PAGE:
Latin American Government: From Dictators to Democracy

This paper discusses Latin American governments in the context of history and examines how and why authoritarian governments developed.

The following paper examines the factors that contributed to socio-economic problems in Latin America in the past , as well as looks at the sustainability of democracy in Latin America. This paper discusses the significant socio-economic difficulties based upon the faltering economies of larger trading partners, income inequality, political polarization and corruption. The writer examines how in the past dictators cared more for maintaining their own power and the privilege of their own supporters than they did for the welfare of their people and countries. The writer argues that the success and continuation of democracy depends on the patience of the people to see the long-term results of regional initiatives. This paper contends that if people support the type of government that promotes the satisfaction of the most basic of needs, well-fed and employed people will not initiate revolutions.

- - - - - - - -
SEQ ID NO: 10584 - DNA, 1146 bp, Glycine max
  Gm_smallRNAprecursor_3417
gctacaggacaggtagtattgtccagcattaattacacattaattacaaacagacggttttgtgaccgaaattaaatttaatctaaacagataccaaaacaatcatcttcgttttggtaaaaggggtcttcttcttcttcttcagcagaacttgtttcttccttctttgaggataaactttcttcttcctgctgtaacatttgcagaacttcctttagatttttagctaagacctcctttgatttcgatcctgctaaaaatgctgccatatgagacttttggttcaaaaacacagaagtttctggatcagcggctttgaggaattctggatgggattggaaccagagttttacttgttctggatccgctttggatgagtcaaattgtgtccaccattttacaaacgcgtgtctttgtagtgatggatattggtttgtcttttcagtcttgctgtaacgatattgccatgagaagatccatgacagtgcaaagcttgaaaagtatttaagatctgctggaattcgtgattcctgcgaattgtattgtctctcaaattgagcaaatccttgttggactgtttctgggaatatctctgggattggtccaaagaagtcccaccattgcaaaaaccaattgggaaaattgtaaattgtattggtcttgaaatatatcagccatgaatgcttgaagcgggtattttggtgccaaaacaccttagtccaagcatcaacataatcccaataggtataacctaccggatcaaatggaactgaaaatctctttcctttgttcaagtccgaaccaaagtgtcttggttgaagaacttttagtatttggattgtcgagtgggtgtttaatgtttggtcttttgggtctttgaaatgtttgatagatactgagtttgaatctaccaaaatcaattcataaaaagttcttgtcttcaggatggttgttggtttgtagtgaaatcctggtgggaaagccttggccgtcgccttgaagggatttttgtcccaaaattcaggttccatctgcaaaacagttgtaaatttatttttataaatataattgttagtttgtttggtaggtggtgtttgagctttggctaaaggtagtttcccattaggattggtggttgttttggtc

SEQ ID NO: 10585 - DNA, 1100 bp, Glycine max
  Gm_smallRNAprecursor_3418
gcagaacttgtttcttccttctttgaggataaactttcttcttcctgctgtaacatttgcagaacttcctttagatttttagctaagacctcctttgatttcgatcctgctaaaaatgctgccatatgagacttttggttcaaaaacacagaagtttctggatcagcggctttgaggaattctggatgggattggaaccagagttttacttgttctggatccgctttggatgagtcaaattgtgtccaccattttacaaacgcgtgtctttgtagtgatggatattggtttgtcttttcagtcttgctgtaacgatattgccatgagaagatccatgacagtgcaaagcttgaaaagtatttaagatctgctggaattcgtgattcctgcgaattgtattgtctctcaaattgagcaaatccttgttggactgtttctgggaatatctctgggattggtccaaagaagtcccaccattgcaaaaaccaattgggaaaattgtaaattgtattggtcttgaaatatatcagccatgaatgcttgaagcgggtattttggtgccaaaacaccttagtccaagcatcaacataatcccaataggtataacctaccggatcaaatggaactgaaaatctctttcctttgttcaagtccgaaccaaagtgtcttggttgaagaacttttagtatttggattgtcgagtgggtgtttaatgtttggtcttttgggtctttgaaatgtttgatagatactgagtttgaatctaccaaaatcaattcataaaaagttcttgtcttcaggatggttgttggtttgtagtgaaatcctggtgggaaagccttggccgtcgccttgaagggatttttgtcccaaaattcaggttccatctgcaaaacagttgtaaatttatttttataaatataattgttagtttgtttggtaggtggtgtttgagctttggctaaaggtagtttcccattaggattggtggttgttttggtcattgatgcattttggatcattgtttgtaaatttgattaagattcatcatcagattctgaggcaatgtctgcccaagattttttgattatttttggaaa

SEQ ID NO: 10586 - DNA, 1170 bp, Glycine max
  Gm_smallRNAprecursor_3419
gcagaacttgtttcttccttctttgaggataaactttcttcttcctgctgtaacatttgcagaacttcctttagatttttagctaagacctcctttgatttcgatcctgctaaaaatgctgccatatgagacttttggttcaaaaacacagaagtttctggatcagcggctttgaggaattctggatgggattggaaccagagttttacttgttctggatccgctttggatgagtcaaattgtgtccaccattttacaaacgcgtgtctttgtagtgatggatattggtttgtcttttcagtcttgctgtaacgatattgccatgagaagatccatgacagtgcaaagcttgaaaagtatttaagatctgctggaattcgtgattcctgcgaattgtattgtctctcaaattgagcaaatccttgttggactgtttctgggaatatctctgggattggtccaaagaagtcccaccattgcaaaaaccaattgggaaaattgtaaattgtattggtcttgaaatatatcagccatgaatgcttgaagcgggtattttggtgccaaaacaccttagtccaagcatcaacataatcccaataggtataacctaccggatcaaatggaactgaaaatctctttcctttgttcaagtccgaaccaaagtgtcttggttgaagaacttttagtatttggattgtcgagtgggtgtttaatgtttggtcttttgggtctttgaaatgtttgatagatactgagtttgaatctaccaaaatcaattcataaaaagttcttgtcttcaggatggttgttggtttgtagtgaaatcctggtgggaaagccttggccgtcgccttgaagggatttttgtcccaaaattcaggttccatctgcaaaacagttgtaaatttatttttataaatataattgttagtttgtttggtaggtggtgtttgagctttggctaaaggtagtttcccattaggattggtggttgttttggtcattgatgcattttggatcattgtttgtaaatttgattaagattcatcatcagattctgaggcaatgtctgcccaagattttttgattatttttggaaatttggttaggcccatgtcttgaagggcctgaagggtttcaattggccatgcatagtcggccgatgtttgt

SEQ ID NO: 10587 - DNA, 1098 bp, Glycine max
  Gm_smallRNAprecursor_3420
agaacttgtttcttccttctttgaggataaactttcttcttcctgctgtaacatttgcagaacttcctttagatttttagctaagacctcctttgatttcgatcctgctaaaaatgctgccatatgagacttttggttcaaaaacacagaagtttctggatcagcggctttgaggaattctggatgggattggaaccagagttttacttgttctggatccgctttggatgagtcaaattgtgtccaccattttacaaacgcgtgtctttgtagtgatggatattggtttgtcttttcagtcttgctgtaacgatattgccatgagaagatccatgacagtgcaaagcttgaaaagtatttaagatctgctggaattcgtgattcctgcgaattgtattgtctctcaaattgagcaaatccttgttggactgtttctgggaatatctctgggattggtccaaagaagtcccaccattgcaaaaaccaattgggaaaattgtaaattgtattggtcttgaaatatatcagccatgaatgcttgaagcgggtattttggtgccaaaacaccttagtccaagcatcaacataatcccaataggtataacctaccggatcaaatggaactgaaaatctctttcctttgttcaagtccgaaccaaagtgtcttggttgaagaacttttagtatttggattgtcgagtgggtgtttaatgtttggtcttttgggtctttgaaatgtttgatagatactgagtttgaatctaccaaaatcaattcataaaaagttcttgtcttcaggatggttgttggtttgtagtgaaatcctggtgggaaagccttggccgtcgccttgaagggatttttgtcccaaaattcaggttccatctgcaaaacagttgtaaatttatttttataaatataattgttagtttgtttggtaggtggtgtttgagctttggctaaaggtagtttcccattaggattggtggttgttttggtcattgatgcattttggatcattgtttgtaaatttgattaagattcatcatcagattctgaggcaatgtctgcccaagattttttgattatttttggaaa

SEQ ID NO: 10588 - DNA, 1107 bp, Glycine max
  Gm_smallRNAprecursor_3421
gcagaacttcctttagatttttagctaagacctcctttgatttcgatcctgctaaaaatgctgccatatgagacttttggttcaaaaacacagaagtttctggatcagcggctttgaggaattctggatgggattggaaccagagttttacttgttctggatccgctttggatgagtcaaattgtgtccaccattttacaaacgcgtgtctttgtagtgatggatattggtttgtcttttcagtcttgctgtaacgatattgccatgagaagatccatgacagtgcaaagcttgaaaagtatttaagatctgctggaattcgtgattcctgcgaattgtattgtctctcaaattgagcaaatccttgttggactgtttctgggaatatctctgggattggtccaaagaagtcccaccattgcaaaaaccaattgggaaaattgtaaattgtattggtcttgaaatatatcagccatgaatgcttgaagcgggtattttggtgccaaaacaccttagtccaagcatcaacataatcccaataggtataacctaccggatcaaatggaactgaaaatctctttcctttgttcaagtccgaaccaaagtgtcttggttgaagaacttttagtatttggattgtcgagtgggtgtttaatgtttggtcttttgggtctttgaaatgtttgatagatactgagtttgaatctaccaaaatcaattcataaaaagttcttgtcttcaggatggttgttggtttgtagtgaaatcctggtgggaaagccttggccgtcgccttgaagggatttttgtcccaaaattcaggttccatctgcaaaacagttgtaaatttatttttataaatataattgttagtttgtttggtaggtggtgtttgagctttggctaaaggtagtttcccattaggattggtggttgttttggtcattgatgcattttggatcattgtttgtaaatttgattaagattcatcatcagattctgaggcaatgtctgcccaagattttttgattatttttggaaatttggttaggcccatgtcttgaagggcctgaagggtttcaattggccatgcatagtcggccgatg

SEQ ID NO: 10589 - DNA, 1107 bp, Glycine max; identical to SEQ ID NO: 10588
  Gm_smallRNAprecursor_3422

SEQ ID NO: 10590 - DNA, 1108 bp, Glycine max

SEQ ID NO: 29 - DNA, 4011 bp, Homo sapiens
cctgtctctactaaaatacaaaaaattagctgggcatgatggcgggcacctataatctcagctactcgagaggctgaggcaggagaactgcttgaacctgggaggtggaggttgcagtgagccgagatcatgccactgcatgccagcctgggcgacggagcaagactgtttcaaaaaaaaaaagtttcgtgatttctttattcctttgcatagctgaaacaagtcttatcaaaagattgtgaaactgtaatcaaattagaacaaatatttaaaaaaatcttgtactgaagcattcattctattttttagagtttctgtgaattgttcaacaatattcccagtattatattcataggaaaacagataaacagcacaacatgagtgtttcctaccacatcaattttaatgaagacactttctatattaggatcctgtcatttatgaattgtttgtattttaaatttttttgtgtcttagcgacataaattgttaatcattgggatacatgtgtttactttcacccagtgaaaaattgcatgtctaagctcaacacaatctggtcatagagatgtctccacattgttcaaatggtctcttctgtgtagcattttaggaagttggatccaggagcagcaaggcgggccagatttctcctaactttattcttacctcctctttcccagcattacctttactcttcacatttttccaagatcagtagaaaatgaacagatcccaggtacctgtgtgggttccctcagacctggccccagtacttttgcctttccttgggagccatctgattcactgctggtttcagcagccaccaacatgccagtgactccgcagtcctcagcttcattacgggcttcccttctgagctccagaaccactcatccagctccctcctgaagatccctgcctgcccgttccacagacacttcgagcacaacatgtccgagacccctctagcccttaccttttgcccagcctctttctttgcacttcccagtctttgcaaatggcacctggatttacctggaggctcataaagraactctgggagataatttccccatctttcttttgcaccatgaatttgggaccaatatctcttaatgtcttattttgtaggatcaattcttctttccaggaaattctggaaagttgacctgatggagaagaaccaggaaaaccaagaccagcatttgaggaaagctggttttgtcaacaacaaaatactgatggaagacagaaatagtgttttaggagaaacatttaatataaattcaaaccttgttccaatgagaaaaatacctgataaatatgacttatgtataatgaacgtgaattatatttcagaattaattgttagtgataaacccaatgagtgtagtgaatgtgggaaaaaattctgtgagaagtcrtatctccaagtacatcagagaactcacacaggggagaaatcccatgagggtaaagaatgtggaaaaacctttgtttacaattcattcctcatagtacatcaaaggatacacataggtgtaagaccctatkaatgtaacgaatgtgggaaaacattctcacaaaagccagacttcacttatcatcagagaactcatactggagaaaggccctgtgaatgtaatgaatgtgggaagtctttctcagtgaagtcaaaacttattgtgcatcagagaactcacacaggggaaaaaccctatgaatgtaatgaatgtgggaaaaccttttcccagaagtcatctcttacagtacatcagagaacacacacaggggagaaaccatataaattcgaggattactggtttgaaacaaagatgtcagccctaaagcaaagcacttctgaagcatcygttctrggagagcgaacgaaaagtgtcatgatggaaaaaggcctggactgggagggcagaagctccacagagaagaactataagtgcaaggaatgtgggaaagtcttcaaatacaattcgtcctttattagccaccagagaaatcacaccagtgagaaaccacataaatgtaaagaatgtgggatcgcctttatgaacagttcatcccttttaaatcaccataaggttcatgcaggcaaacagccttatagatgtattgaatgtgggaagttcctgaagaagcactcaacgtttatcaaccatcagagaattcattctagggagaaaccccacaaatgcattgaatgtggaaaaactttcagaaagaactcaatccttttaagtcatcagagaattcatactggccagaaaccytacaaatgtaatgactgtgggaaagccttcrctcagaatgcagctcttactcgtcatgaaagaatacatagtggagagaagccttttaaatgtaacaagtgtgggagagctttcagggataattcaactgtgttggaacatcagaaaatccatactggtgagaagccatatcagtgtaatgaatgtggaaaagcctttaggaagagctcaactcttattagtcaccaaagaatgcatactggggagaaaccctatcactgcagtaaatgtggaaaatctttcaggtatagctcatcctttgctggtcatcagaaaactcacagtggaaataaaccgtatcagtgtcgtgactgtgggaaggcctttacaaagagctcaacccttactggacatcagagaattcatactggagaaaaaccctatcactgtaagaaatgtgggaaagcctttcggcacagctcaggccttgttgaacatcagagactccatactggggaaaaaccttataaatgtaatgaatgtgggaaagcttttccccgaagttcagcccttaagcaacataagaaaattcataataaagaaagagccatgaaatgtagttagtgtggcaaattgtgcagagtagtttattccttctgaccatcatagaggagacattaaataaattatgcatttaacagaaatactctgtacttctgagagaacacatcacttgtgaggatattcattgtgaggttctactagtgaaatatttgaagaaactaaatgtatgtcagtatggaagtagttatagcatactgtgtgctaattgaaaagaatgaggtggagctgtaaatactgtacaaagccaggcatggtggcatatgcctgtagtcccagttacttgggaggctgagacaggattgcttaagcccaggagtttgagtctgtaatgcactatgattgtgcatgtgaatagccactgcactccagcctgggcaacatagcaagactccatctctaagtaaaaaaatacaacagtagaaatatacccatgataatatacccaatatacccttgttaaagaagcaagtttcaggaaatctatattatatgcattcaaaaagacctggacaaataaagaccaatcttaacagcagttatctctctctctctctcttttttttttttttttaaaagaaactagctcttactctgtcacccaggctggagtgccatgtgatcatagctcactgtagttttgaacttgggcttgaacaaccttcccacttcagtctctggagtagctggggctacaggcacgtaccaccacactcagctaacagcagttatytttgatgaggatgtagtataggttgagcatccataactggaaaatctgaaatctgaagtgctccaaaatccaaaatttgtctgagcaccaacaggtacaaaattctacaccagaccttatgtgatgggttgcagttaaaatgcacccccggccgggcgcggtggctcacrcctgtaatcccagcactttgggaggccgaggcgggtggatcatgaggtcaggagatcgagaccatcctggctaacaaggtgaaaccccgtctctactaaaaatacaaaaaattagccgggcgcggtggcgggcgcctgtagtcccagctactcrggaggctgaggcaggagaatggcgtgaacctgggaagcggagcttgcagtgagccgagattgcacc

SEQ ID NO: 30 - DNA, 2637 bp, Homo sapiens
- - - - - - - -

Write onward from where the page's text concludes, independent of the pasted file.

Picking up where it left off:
“Going into the new millennium, Latin America seems to be poised for active participation as a part of an increasingly global social and economic environment, perhaps more than other developing regions. According to the current Bush Administration, it is virtually all democratic, there are no cross-border disputes, no ethnic conflicts, and there are no immediate threats of terrorism to the West coming from the area (Associated Press, 2002).Security cooperation has been shown in confidence-building measures among historical rivals in the region and peacekeeping operations in Central America and the Caribbean. Terms such as multilateralism, regionalism, consensus, and convergence appear in descriptions of hemispheric relations released by the World Bank and other entities sharing a belief in the positive potential of these factors.”